Despite the somewhat corny premise (eight brothers are all prophecied to fall in love and marry, in order from eldest to youngest no less, bringing disaster along with their brides) this is a gripping series which is every bit as enjoyable for its plot and worldbuilding as for the romances.
The stories aren't just about people falling in love - there is an arc taking place over all eight books, showing the formation of a new nation and the foreign threats endangering it. Johnson has covered as much of the detail of the work involved in creating the new society as she could without detracting from the plot or boring her readers - the creation of new laws and social customs, the building of a new city, trade with other nations, and efforts to gain a new Patron Deity for the kingdom. There's plenty of drama too; invasions, kidnappings, murders, and various other attacks from the enemies of Nightfall and its inhabitants.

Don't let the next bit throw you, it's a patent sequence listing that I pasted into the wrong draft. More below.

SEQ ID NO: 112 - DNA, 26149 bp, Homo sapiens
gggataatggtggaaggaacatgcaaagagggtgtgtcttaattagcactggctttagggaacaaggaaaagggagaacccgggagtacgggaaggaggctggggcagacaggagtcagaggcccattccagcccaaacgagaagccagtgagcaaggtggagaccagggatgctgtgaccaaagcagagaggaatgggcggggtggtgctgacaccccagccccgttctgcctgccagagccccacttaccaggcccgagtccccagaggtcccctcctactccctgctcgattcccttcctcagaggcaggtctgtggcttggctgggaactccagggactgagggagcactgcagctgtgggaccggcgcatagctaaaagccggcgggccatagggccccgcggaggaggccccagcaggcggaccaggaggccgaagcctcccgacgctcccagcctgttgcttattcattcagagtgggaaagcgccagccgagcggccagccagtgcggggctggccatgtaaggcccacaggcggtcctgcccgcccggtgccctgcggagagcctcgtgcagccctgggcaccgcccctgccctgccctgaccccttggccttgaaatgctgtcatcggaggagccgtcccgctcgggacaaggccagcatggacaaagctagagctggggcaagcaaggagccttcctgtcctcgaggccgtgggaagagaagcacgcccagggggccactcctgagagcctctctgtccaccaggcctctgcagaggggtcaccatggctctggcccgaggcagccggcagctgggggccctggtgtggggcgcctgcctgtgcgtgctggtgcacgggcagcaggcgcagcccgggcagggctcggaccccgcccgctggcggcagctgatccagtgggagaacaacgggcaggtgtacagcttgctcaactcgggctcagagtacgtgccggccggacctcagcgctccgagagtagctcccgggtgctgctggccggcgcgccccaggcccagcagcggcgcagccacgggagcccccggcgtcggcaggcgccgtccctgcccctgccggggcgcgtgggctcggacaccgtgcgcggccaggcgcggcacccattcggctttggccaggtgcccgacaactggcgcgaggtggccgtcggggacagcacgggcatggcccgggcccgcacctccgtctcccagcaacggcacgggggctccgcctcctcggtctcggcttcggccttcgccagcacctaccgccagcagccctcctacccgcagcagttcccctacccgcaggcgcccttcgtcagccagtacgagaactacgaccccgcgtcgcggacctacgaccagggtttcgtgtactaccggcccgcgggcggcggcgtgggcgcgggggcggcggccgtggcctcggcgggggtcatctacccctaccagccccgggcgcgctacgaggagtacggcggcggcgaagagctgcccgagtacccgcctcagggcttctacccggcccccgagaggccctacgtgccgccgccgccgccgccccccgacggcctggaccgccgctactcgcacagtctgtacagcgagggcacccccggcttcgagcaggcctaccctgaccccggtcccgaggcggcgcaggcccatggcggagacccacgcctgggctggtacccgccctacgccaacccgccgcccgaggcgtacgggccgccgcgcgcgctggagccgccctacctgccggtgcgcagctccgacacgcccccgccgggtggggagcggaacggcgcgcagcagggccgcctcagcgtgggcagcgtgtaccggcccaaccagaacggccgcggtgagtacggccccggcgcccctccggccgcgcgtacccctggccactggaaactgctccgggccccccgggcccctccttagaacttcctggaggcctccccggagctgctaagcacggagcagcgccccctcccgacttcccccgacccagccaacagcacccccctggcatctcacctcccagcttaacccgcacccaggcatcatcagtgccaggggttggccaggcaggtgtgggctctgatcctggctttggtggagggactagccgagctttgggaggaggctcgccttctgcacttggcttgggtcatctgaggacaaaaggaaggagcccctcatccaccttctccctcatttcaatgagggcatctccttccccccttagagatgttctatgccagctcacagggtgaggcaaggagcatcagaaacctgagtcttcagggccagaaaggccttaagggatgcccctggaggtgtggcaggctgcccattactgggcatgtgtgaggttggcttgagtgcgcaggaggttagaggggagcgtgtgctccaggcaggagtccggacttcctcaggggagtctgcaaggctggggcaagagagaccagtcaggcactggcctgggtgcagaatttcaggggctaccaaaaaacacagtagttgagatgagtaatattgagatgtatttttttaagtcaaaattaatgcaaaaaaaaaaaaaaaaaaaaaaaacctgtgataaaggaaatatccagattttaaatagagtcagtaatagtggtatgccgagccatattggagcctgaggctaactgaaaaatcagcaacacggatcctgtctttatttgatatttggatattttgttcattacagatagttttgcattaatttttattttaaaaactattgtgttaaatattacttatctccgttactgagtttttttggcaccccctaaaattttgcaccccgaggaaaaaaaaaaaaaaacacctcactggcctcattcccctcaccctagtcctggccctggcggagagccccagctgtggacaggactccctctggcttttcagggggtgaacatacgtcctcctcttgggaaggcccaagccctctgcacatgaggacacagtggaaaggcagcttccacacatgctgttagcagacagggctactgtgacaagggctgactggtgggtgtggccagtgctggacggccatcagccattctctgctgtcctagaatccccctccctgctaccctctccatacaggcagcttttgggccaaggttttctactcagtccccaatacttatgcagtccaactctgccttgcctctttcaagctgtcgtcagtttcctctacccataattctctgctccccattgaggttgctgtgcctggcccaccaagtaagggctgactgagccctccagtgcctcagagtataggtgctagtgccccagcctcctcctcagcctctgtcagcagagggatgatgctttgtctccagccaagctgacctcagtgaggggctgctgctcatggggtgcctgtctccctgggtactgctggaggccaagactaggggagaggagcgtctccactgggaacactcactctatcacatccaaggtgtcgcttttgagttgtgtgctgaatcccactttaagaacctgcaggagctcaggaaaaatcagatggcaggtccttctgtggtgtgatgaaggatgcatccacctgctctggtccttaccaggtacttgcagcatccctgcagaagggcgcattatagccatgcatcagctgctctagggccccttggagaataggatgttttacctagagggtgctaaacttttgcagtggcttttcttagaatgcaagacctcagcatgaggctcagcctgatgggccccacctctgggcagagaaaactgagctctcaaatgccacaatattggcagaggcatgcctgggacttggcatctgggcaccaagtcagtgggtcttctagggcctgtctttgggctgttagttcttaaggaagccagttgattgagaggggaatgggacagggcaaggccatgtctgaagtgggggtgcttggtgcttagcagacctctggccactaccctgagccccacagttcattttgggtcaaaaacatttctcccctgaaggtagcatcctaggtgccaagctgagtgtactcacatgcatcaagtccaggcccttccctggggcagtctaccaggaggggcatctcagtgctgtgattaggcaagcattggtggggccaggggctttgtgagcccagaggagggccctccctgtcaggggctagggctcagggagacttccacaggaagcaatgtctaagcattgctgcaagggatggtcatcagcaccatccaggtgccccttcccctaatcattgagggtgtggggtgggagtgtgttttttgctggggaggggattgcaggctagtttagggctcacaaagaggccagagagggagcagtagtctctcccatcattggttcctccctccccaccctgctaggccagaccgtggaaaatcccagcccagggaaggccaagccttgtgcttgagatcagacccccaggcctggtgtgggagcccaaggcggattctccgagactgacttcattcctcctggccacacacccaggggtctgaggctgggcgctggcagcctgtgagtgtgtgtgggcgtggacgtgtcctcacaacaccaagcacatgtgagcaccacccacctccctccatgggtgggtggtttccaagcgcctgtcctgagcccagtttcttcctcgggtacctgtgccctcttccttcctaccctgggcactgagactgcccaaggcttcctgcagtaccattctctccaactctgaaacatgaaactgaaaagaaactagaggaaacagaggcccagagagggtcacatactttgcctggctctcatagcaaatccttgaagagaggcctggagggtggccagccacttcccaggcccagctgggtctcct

The romances themselves are well written - each character has a distinct and individual identity, and the couples get together in a variety of different and interesting ways. The dynamics also avoid the usual romance-novel sterotypes. There are no submissive women here, not even in the bedroom; even the often timid Alys is capable of asserting herself and definitely doesn't let her lover rule her. Likewise, the men are not alpha dominants - well, Dominor arguably comes close (his book is entitled "The Master") but he is paired with his equal who masters him as easily as he does her.